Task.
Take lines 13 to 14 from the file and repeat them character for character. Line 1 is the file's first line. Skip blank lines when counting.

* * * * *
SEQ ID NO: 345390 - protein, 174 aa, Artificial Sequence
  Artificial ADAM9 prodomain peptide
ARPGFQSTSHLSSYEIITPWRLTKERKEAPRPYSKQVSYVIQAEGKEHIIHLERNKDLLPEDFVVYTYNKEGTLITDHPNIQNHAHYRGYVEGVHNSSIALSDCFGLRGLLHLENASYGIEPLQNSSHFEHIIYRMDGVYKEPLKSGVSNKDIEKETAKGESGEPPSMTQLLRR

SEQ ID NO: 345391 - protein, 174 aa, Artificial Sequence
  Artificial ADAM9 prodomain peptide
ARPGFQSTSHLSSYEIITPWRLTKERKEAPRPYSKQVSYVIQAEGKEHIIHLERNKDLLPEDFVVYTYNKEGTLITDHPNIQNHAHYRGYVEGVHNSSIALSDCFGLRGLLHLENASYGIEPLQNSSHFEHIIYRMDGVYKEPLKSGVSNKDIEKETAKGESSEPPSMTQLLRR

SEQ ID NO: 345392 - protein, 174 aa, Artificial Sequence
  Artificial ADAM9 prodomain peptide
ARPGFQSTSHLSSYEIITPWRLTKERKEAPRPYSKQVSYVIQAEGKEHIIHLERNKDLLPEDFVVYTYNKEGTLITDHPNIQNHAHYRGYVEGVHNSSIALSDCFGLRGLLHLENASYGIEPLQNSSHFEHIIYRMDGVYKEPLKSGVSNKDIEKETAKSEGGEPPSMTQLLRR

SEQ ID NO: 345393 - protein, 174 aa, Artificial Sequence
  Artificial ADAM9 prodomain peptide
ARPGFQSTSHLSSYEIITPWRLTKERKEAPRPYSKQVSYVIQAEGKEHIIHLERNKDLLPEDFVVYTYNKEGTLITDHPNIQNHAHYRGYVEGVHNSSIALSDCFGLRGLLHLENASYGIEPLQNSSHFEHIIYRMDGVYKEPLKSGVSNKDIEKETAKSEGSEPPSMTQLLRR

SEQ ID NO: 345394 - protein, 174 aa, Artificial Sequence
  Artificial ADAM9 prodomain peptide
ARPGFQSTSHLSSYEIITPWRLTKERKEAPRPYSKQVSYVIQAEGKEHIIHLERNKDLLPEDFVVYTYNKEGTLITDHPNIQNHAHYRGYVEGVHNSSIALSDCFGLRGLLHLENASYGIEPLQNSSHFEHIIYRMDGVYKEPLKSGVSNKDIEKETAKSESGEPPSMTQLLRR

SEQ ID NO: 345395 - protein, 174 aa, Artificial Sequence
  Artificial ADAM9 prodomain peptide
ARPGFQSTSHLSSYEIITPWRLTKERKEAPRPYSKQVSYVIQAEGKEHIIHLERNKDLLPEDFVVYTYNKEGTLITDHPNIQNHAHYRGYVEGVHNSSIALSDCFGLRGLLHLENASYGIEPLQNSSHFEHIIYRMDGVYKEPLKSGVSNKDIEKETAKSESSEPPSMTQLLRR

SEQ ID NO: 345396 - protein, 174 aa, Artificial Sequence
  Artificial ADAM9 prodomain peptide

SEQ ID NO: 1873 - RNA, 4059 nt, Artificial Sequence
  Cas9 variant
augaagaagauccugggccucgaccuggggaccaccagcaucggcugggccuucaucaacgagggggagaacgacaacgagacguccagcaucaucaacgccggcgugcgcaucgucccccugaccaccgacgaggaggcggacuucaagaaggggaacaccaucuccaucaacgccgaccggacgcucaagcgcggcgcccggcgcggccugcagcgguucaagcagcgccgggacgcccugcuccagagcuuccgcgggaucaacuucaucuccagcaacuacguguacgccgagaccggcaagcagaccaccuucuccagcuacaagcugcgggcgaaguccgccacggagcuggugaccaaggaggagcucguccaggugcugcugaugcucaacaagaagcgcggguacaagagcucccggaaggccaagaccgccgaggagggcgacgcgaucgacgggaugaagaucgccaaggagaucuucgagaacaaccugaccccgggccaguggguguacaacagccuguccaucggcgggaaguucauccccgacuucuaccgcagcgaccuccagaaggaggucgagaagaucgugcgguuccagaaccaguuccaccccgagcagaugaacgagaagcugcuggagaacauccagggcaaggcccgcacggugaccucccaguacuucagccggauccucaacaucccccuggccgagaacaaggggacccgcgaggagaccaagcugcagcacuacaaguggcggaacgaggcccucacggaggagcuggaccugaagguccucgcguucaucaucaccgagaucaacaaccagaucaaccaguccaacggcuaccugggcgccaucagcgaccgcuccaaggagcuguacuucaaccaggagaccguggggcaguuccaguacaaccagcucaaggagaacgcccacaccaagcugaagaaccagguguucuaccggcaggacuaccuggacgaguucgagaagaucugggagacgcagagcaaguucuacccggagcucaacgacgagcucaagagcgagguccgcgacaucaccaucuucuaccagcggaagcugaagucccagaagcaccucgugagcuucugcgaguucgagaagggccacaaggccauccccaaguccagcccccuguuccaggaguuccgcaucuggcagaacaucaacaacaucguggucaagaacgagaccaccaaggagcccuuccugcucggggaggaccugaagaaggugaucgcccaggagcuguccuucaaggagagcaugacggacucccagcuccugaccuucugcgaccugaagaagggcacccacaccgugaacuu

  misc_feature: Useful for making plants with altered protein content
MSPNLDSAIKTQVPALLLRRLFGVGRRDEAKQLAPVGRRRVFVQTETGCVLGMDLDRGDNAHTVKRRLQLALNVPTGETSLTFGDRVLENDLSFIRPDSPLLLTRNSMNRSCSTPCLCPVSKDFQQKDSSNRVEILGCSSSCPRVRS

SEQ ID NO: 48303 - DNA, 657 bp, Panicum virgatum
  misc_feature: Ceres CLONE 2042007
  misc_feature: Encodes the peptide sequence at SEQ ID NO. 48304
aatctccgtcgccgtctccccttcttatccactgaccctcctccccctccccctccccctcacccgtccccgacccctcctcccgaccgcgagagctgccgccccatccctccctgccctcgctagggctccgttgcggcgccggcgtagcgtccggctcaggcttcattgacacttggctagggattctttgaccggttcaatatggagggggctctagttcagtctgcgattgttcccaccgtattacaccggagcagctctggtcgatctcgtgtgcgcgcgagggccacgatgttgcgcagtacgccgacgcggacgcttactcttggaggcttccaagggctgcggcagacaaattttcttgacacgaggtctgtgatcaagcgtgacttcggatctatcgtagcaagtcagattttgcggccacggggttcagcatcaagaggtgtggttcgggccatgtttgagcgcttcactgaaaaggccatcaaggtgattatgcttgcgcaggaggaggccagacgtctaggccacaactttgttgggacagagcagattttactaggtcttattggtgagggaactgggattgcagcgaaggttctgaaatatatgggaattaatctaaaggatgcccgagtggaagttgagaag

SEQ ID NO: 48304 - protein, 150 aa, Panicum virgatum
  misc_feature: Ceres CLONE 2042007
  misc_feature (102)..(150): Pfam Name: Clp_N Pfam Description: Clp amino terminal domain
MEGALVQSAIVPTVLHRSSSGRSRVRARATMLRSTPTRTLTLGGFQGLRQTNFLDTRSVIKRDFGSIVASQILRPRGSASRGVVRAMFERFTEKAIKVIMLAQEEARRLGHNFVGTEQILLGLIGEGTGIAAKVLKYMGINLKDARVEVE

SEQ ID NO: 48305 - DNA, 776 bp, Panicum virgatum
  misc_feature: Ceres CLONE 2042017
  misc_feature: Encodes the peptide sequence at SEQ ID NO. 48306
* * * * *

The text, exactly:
SEQ ID NO: 345394 - protein, 174 aa, Artificial Sequence
  Artificial ADAM9 prodomain peptide